Archive for Wednesday, January 17, 2007

Subscriber service turns to Internet

January 17, 2007

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— Netflix Inc. will start showing movies and TV episodes over the Internet this week, providing its subscribers with more instant gratification as the DVD-by-mail service prepares for a looming technology shift threatening its survival.

The Los Gatos-based company unveiled the new "Watch Now" feature Tuesday, but only a small number of its more than 6 million subscribers will get immediate access to the service, which is being offered at no additional charge.

Netflix expects to introduce the instant viewing system to about 250,000 more subscribers each week through June to ensure its computers can cope with the increased demand.

Subscribers will be able to watch anywhere from six hours to 48 hours of material per month on an Internet streaming service that is supposed to prevent piracy.

The allotted viewing time will be tied to how much customers already pay for their DVD rentals. Under Netflix's most popular $17.99 monthly package, subscribers will receive 18 hours of Internet viewing time.

The company has budgeted about $40 million this year to expand its data centers and cover the licensing fees for the roughly 1,000 movies and TV shows that initially will be available for online delivery.

Netflix's DVD library, by comparison, spans more than 70,000 titles, one of the main reasons why the mail is expected to remain the preferred delivery option for most subscribers.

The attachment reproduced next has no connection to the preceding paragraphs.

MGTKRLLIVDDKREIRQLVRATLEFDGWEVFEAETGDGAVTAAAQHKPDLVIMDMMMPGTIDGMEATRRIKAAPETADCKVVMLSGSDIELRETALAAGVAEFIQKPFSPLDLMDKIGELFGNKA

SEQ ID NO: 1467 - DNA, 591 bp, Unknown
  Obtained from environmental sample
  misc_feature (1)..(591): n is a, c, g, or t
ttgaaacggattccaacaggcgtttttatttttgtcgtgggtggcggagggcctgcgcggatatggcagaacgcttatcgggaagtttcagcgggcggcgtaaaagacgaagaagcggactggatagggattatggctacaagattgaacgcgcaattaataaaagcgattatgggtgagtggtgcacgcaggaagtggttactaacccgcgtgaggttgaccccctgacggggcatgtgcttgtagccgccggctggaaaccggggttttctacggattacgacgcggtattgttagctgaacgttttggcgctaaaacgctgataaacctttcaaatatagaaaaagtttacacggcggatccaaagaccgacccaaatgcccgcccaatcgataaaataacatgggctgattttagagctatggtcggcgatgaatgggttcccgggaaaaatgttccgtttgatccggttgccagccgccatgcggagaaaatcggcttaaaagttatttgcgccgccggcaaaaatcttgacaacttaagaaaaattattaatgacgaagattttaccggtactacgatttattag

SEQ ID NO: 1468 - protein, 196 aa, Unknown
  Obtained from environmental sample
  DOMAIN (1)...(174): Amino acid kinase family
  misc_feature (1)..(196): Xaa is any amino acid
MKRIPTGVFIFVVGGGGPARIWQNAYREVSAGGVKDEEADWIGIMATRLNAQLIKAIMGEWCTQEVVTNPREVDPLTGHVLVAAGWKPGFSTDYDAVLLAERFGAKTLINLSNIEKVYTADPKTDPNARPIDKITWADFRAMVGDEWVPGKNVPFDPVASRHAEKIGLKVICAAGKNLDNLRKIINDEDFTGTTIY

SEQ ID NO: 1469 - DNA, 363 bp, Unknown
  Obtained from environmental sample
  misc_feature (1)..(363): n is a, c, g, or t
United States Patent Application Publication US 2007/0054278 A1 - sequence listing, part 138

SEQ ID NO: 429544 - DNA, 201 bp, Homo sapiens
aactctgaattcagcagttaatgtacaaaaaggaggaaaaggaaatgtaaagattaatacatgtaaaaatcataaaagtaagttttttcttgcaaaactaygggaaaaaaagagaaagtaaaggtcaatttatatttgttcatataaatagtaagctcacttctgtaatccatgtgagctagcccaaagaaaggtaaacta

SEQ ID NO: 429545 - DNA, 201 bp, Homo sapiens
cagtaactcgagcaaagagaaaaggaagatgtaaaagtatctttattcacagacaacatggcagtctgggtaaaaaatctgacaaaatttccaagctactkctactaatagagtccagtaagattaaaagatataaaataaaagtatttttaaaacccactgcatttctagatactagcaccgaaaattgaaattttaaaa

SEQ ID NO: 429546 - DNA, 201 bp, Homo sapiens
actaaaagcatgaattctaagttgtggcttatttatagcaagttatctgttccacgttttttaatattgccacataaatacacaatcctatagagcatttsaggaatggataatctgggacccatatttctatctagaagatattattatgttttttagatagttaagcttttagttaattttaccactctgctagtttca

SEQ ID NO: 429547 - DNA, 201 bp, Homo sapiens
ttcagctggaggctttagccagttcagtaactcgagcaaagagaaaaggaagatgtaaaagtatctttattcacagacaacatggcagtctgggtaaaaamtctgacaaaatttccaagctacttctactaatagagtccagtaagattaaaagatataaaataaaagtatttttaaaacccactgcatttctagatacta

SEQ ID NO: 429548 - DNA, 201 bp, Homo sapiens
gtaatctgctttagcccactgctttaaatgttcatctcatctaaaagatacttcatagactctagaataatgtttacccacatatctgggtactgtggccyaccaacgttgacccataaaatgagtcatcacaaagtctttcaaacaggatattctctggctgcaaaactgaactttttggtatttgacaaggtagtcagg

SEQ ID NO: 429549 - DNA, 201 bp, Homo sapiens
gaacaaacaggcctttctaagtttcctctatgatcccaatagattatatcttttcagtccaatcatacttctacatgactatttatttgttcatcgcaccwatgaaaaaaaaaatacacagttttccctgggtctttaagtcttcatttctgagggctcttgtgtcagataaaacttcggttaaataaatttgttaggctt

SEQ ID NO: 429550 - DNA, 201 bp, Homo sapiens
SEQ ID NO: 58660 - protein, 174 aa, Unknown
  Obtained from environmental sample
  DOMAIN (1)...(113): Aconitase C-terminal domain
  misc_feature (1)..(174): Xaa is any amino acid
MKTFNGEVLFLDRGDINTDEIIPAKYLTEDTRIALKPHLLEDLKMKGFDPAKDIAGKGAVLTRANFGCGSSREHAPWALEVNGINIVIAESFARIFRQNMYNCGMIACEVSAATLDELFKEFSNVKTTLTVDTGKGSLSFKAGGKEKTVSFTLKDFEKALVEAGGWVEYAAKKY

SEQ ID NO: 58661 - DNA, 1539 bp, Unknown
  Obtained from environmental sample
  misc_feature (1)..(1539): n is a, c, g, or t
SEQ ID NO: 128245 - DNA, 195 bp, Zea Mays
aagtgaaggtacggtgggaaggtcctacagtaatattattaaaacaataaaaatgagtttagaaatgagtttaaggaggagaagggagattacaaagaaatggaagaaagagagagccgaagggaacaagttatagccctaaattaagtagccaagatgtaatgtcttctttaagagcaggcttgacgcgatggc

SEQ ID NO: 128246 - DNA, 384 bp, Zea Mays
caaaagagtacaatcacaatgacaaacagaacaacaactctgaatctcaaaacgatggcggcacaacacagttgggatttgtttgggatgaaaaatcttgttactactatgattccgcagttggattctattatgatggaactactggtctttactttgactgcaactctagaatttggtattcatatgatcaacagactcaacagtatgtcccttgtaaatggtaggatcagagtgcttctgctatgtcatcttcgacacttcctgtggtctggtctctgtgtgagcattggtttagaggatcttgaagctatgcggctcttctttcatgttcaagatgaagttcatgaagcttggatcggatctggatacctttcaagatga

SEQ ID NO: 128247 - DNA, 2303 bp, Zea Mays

Another major drawback: The instant viewing system only works on personal computers and laptops equipped with a high-speed Internet connection and Microsoft Corp.'s Windows operating system. That means the movies can't be watched on cell phones, TVs or video iPods, let alone computers that run on Apple Inc.'s operating system.

Netflix founder and CEO Reed Hastings demonstrates the "Watch Now" feature on his company&squot;s Web site. The new feature allows users to watch movies and TV episodes over the Internet, but only a small number of the more than 6 million Netflix subscribers will get immediate access to the service.

Netflix founder and CEO Reed Hastings demonstrates the "Watch Now" feature on his company's Web site. The new feature allows users to watch movies and TV episodes over the Internet, but only a small number of the more than 6 million Netflix subscribers will get immediate access to the service.

Despite its limitations, the online delivery system represents a significant step for Netflix as it tries to avoid obsolescence after the Internet becomes the preferred method for piping movies into homes.

"This is a big moment for us," said Netflix Chief Executive Reed Hastings as he clicked a computer mouse to quickly call up "The World's Fastest Indian" on the instant viewing service. "I have always envisioned us heading in this direction. In fact, I imagined we already would be there by now."

Besides preparing Netflix for the future, the instant viewing system gives the company a potential weapon in its battle with Blockbuster Inc. As part of an aggressive marketing campaign, Blockbuster has been giving its online subscribers the option of bypassing the mail and returning DVDs to a store so they can obtain another movie more quickly.

Online movie delivery already is available through services like CinemaNow, MovieFlix, Movielink, Vongo and Amazon.com Inc.'s recently launched Unbox. Apple Inc. also is emerging as major player, with hundreds of movies and TV shows on sale at its iTunes store and a new device that promises to transport media from a computer to a TV screen.

But none of those online services have caught on like Netflix's mail-delivery system, partly because movie and TV studios generally release their best material on DVDs first.

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